FOUR high performing Yorkshire schools could help play a role in changing the country’s attitude towards maths, according to a Government minister who says it should not be acceptable for people to say “they are rubbish” at the subject.
Outwood Grange Academy, in Wakefield, Harrogate Grammar School, Notre Dame High School in Sheffield and Trinity Academy Halifax have been chosen to be part of a network of national maths hubs which will seek to emulate the success enjoyed in the subject in top performing East Asian countries – including Japan, Singapore and Shanghai.
There are 32 schools across the country which will lead hubs backed by £11m Government funding.
They will be expected to follow the Asian-style mastery approach to maths where teachers ensure all pupils understand a concept before moving on.
The hubs will also be expected to share lesson plans with other schools to prevent teachers “having to reinvent the wheel.”
Lesson plans will be made available online so any teacher can use them and rate which are most useful.
For schools to become maths hubs they had to be rated as outstanding overall and for both their quality of teaching and their leadership and management.
Education Minister Elizabeth Truss visited Outwood Grange last week to highlight the new programme.
She told The Yorkshire Post that she wanted to change the way in which the country thought and talked about maths.
“It shouldn’t be acceptable for people to say I am rubbish at maths.”
Ms Truss said there needed to be a change of culture which recognised both the importance and the potential of the subject. She also said parents had a part to play. “They should not say to their children that they were not were very good at it but look to promote it as an interesting subject.”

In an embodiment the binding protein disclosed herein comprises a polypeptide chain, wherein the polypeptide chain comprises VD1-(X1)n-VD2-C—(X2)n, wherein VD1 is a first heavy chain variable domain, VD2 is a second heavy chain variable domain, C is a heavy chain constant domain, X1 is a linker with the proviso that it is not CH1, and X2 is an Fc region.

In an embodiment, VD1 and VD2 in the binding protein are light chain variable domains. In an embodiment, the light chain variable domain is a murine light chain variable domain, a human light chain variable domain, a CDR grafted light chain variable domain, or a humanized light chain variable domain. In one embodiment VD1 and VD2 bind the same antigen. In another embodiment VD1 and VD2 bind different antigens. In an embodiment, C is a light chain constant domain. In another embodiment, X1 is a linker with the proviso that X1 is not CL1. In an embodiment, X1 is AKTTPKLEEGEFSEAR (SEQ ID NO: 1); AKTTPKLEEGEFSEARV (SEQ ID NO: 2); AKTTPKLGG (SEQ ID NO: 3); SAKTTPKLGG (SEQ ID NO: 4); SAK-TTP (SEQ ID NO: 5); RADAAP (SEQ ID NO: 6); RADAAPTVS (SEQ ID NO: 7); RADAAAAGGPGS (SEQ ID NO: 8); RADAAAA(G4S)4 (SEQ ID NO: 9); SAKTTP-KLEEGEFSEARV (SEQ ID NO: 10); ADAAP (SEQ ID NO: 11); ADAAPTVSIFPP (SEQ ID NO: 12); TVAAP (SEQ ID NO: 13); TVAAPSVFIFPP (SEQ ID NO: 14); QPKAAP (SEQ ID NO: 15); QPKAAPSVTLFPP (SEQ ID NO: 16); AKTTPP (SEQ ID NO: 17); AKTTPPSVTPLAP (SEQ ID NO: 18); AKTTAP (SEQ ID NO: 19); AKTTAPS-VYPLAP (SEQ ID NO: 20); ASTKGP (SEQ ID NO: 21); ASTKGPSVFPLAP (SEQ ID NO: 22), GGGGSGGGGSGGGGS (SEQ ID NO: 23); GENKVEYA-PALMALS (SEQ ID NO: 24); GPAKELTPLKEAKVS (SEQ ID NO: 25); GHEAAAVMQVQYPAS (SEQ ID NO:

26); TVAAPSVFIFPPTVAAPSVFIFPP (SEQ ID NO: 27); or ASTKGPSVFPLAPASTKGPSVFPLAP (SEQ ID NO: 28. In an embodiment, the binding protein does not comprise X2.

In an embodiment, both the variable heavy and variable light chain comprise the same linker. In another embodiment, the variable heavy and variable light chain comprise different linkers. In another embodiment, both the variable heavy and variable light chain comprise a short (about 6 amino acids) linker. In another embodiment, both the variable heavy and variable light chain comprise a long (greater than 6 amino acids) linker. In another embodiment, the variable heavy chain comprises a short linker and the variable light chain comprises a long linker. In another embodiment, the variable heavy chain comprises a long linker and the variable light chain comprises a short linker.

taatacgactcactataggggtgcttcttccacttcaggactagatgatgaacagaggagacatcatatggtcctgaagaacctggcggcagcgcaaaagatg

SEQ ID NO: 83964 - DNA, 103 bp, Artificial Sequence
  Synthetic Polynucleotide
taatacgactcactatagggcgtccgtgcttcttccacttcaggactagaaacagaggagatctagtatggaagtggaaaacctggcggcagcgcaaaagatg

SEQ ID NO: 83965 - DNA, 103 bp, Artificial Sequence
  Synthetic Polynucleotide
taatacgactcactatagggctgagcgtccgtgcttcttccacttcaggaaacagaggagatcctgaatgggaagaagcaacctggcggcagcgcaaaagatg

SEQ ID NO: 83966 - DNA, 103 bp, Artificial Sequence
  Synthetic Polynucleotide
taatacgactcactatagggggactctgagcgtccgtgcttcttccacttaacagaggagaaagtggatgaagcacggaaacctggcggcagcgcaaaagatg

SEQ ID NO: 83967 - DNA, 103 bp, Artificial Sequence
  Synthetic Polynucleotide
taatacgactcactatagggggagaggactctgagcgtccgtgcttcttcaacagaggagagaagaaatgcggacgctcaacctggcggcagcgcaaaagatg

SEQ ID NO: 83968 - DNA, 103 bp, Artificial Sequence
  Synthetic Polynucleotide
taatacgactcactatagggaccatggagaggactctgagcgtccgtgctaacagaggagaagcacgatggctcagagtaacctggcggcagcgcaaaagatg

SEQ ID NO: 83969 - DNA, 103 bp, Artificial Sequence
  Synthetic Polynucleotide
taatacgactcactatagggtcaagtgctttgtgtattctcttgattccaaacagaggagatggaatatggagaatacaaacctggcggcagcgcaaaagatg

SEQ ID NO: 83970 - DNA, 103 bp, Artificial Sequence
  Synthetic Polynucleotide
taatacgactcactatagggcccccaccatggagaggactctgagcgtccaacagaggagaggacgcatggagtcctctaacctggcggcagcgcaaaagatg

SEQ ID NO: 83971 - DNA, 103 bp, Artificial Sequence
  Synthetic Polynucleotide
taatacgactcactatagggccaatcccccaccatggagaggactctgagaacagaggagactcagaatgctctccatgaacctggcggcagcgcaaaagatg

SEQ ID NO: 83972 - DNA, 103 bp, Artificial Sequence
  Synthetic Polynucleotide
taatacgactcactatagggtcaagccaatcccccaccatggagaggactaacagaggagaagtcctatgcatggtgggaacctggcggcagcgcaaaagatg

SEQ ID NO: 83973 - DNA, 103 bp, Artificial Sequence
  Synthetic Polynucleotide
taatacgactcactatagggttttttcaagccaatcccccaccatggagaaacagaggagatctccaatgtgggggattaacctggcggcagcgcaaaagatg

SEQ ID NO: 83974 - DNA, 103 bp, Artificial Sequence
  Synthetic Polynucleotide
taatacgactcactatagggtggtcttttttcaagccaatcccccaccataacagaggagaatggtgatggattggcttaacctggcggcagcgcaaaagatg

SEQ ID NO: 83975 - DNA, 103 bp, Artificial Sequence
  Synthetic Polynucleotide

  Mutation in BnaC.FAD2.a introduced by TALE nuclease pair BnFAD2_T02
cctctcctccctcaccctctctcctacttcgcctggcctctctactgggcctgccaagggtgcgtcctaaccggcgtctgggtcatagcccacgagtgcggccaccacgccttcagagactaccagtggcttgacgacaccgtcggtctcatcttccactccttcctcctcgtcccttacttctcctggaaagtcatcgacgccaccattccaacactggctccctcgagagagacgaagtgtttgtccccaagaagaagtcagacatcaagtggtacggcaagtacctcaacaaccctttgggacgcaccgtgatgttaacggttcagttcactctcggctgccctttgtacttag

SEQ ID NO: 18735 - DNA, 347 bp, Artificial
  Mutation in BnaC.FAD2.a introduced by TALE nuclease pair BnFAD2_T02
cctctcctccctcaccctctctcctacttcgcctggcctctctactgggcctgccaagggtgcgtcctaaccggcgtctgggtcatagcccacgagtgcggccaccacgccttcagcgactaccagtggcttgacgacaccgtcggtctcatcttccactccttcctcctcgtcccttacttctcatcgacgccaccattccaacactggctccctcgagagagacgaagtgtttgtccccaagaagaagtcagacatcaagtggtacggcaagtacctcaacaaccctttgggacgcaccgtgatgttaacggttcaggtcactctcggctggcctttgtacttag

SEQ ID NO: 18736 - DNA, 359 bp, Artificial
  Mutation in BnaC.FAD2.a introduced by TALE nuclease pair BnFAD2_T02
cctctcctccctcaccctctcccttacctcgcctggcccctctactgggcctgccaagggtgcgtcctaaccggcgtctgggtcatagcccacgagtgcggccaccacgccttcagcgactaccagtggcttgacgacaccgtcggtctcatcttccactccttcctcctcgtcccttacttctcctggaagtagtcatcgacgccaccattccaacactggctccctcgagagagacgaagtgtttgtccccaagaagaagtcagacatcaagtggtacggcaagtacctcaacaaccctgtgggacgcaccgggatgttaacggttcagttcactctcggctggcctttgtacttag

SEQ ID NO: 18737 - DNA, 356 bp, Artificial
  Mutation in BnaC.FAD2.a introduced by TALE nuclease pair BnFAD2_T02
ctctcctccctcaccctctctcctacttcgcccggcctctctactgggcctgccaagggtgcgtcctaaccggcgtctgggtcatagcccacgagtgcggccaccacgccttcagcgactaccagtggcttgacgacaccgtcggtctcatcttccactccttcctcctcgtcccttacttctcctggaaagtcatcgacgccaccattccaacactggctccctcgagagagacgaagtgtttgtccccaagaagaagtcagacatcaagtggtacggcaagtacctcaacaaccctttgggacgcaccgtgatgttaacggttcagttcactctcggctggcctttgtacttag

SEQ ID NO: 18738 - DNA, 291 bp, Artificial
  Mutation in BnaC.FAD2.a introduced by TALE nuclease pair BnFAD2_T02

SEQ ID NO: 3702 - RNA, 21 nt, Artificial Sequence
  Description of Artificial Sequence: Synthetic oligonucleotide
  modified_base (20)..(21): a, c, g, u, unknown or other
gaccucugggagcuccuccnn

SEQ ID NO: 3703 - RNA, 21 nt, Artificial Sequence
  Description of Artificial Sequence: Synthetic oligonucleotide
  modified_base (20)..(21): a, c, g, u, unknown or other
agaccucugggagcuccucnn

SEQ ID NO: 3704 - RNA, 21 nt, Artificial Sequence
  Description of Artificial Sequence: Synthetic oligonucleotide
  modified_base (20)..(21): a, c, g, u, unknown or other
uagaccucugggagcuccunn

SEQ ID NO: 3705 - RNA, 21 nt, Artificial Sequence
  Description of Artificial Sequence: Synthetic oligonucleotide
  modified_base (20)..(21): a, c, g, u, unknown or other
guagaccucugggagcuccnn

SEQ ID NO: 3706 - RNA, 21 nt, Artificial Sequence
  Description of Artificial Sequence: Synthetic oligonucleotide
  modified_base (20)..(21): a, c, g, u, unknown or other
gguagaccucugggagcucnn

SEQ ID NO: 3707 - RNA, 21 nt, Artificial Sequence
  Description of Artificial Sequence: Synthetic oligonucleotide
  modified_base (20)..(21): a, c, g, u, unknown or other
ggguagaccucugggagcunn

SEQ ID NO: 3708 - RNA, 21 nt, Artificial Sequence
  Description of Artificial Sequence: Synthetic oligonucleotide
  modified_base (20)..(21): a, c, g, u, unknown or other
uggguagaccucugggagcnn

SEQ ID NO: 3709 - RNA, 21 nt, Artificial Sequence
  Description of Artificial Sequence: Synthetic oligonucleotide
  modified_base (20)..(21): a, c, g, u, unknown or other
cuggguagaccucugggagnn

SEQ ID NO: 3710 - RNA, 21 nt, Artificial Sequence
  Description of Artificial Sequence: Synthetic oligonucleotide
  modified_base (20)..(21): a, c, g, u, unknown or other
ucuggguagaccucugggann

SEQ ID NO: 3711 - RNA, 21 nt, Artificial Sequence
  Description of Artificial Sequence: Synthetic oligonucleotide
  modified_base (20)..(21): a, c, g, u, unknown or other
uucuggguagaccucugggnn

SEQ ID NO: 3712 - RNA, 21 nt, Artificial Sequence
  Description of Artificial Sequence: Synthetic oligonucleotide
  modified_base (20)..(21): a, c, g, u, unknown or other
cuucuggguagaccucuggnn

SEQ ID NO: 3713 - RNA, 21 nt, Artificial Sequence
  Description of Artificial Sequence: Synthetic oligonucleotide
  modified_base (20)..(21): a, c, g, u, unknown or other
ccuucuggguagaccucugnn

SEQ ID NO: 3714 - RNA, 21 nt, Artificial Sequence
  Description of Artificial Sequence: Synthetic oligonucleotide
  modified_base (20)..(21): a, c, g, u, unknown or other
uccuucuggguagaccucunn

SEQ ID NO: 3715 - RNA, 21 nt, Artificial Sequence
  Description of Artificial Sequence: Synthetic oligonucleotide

Ms Truss said the Government had looked to learn lessons from “high performing jurisdictions” in East Asian countries.
“What is interesting is that the child of a cleaner does better than the child of a professional in England. They deliver good results for all their children”.
Hubs will work with academics from Shanghai Normal University and the UK’s National Centre for Excellence in the Teaching of Maths.
Later this year, 50 teachers from Shanghai will be sent in the hubs to teach pupils and run masterclasses for other teachers.
Ms Truss said that one of the things which had impressed her most during her visit to Outwood Grange was the willingness to try to improve how they teach despite already being rated as outstanding.
The techniques and methods used will include daily maths lessons, homework and catch up to ensure all children master core techniques.
The Department for Education want to ensure pupils develop a “deep understanding of formal maths including addition and subtraction, long multiplication and long division in line with the new national curriculum, as well as times tables and number bonds.
Ms Truss said: “There is no reason why children in England cannot achieve the same standards in maths as those in Japan, Singapore and China. We put in more resources in England than in these countries and we have the best generation of teachers ever. Yet our children are two to three years behind by the age of 15. We must learn from the systematic practice of these high achieving countries, who are constantly seeking to improve.
“Maths hubs will bring this approach to all parts of the country and all schools will be able to benefit.
“Maths is the most important subject for a child’s future- it commands the highest earnings, provides the best protection against unemployment and will get you everywhere, opening doors to dozens of careers.”